The girl cowers, her head low. I watch out of the corner of my eye, but say nothing. I do not know her name, but I recognize her from the years we have spent in the same faction, gathering food and surviving. She has never been particularly strong, and her fear is not well hidden. I feel a pang of pity for her and ignore it. Though I do not want to watch her suffer, I am not willing to take her place.
I think fast to see if there is any way I can help her without endangering myself. My mind is blank though, my stomach churning. It makes me sick; but if she were stronger, she would not be in this situation.
The Carrion in the white uniform kneels beside her, a brutal smile stitched to his face. It looks like it is carved there. The man is not handsome, nor attractive in any other way. That might just be because of his uniform, but either way he is still ugly. At any rate, when you have power you don't need looks.
"Don't look like that, now," he crows quietly. I can barely hear him, and I wish I do not hear him at all. Wishes never come true in the Flats, not unless you're a Carrion. "I won't hurt you if you come with me. C'mon, girlie, it'll be fun."
She shakes her head, and I fight to regain control of my uneasy stomach. All I can think of is how glad I am that I am not like her. I cannot watch any more, and so I return my attention back to the potatoes in the ground.
I hear a struggle, and I look up to see the Carrion dragging the girl by her wrist away from the fields. She looks defeated, her shoulders slumped and her head low. I sigh, thankful that it was not me today.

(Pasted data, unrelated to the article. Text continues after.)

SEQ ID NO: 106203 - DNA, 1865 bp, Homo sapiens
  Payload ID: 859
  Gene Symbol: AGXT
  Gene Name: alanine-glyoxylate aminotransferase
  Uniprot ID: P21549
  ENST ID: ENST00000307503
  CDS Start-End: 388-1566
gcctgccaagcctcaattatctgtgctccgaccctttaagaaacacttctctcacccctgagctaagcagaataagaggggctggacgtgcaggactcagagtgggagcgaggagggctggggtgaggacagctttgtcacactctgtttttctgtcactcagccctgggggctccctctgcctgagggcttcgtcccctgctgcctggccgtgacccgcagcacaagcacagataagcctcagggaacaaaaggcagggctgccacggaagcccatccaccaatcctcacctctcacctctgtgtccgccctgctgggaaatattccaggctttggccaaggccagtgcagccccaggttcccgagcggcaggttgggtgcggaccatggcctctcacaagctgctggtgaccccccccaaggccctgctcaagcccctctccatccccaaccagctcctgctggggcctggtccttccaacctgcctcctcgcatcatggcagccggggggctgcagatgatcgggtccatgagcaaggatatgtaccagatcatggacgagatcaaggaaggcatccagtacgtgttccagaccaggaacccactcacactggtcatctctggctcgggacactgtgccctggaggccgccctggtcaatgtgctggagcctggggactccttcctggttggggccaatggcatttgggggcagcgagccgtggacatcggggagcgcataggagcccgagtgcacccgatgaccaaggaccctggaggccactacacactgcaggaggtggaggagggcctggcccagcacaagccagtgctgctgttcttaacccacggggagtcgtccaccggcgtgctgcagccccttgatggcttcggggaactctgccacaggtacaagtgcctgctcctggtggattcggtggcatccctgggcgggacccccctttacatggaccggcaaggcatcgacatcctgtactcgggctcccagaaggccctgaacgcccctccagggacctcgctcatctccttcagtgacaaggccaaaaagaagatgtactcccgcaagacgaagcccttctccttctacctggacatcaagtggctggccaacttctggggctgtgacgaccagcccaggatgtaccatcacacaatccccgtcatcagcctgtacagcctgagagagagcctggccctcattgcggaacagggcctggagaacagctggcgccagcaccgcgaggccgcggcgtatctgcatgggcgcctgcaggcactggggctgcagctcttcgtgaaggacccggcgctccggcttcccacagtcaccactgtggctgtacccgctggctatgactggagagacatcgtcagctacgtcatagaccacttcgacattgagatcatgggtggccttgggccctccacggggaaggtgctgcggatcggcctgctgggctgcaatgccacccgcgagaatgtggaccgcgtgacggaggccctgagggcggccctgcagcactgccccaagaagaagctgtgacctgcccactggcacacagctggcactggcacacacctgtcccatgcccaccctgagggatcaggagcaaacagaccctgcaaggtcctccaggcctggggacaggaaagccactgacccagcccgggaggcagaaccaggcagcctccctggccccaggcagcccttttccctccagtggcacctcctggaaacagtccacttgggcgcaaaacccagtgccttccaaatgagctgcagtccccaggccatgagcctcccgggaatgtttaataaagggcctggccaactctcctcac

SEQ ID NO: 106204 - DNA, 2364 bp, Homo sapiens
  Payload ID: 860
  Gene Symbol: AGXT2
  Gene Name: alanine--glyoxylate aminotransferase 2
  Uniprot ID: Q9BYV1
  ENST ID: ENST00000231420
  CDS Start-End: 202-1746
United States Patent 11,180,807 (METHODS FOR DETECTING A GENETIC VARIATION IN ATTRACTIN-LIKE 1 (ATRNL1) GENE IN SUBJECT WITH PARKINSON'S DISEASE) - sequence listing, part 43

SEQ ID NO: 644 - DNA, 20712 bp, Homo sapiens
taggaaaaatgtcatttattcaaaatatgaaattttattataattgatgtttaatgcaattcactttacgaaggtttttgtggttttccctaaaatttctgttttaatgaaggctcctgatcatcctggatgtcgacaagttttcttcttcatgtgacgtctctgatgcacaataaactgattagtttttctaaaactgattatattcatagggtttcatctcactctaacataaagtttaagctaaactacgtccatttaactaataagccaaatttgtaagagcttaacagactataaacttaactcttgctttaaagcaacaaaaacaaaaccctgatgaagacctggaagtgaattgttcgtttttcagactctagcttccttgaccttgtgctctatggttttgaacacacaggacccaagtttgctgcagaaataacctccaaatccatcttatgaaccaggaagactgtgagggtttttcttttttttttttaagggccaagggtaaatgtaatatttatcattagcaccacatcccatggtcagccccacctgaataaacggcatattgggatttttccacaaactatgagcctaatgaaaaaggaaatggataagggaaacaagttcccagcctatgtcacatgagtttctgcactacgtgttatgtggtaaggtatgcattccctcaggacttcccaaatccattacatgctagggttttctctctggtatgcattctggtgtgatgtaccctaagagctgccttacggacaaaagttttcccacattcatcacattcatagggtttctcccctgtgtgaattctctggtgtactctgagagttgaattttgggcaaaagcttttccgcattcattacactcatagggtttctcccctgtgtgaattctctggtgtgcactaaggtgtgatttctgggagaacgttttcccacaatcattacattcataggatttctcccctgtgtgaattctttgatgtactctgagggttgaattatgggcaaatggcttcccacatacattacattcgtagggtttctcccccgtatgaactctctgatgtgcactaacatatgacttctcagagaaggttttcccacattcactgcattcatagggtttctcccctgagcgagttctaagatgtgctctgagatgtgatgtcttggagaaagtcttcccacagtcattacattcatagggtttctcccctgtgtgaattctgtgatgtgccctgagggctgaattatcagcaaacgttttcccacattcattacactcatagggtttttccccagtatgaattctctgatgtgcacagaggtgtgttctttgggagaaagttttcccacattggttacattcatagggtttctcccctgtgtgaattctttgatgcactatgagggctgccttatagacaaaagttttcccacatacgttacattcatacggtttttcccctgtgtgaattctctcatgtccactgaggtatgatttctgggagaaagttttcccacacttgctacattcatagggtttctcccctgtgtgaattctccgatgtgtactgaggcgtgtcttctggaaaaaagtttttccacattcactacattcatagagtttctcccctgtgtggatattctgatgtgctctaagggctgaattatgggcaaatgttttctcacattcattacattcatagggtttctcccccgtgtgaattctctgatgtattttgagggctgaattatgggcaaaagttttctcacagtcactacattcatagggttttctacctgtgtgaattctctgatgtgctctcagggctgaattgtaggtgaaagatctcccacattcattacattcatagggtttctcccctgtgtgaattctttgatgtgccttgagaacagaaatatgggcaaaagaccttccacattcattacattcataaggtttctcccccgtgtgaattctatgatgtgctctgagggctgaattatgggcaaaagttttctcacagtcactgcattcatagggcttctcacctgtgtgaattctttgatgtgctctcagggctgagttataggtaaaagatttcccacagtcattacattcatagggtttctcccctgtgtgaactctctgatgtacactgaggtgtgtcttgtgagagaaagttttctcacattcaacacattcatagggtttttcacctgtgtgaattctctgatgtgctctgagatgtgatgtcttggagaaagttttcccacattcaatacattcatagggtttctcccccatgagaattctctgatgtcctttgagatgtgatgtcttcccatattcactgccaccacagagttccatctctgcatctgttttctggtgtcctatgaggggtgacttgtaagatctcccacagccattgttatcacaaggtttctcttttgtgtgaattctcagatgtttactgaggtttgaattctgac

I look up at the sky, wiping my brow. It is familiar. The color of faded rust stretches from horizon to horizon, and I only know that the sun is up because it is bright, and Laborers are working. This is all I have ever known, but sometimes I imagine that the sky is blue. It is a silly thought, and usually dismissed right away. How could the sky be blue?
I hear a low rumble in the distance and see a massive wall of black encroaching. My heart leaps. Rain.
Instantly, sirens begin to wail. A few miles away, I see the steel shields curl up around the city, forming an indestructible dome of solid, glinting gray. Our own shields begin to curl up around the fields. I cover my ears against the terrible screech of metal on metal.
My attention returns to the ground, where a Carrion soldier grips my arm, shouting at me. I must get inside or I will starve out here. Pulling free of his grasp, my skin crawling where he touched me, I run for the large wall of rock that is the entrance to the Flats Compound.
I am the last one inside the large cave, and I am just in time. The shield seals the entrance to the cave and suddenly, all I hear is a thunderous pounding on the dome. The rain is here.